Fast forward to 2008 when I start my job at the Avon Foundation for Women. What could be more rewarding than taking the personal trauma of battling breast cancer and putting it to good use every day? As the program director for the Avon Walk for Breast Cancer, I am so incredibly proud knowing that the money raised at our events helps people get the breast cancer screening and treatment they need, regardless of their ability to pay for it. I was so fortunate to have good health insurance and access to great doctors, but not everyone is so lucky. To know that the work we do every day could ultimately help turn someone's diagnosis into a story of survival is really something special. And to know that we are funding research into new treatments, a prevention, and ultimately a cure is not only amazing for those it will help, but selfishly I am hopeful that this research will keep me from ever having to go through breast cancer again.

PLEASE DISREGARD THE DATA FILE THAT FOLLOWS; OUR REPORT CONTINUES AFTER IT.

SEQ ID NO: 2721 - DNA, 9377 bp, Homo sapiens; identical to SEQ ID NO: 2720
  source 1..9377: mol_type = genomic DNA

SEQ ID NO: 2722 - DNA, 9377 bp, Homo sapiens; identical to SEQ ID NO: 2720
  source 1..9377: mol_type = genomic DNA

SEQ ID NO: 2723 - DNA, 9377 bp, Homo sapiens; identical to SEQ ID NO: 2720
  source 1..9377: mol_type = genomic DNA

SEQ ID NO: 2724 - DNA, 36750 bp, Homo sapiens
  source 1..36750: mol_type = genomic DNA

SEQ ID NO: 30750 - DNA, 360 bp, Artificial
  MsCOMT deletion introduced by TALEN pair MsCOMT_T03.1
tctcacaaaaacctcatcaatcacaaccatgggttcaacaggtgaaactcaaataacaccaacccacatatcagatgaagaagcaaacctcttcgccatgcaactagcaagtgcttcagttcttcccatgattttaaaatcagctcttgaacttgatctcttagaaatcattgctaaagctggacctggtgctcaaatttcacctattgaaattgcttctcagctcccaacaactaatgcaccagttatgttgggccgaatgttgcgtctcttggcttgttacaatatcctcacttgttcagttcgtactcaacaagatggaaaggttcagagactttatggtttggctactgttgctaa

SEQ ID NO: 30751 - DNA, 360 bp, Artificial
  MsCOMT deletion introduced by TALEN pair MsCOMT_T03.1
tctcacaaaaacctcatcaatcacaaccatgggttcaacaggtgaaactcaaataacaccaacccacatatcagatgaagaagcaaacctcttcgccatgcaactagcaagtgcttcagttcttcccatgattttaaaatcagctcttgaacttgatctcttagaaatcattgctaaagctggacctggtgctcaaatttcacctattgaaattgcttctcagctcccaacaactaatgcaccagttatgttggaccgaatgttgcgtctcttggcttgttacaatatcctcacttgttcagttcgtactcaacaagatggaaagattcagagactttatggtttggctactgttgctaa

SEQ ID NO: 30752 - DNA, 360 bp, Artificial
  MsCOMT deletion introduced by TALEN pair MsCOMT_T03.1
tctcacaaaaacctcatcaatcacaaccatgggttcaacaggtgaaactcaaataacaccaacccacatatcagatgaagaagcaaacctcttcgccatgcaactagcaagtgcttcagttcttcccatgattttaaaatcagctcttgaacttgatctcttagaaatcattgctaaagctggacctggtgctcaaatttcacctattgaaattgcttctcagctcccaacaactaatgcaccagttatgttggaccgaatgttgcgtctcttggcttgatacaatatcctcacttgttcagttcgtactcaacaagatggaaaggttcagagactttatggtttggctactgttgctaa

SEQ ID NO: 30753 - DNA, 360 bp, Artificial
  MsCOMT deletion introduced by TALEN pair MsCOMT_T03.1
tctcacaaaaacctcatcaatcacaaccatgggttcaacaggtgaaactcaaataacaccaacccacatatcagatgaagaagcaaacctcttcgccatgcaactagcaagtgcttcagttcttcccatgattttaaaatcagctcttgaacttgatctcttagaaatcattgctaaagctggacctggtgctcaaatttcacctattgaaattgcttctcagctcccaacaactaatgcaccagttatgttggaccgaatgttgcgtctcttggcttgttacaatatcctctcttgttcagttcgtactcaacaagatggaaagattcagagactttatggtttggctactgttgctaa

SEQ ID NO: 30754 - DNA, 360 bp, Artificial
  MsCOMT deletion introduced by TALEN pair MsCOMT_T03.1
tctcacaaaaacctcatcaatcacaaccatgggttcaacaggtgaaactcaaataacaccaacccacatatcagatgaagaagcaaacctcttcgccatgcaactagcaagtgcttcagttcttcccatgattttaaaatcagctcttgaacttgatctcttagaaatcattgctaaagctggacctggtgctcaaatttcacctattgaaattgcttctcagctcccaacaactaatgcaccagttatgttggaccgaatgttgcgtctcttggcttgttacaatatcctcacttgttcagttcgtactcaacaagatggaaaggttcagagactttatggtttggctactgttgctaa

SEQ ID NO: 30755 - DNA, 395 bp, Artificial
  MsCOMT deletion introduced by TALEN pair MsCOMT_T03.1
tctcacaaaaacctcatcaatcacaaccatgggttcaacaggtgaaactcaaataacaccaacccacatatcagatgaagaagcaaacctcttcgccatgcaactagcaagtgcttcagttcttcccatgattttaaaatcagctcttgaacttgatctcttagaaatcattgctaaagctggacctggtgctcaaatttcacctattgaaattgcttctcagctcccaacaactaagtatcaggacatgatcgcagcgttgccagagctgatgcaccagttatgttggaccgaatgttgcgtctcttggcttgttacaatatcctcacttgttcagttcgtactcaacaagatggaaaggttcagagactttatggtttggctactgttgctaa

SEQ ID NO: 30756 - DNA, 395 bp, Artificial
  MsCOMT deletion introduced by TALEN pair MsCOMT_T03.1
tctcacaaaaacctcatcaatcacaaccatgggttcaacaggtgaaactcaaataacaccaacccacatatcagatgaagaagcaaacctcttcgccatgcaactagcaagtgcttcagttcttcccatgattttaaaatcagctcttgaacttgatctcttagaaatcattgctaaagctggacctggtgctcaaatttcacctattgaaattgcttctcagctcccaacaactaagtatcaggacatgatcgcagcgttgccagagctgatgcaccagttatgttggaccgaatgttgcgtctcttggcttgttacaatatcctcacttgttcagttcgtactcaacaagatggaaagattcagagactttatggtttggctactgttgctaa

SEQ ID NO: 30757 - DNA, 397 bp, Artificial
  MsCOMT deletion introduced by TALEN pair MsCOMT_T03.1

And to see what the events themselves do for people is remarkable as well. I travel to all nine of the Avon Walks every year (I've been to 32 so far!) and to see complete strangers form lasting friendships, to see people bond over their connection to the cause, to see thousands of people celebrate survivorship...it's incredible. I see timid and anxious newly diagnosed women embrace their survivorship and come away with some reassurance that everything really can be ok. I see the satisfaction and accomplishment on the faces of people who so desperately want to help, to make a difference, to show their loved one who is fighting breast cancer right now that they are proud of them and doing everything they can to help. I see pride (and sometimes astonishment!) in those who never thought they could walk 39 miles.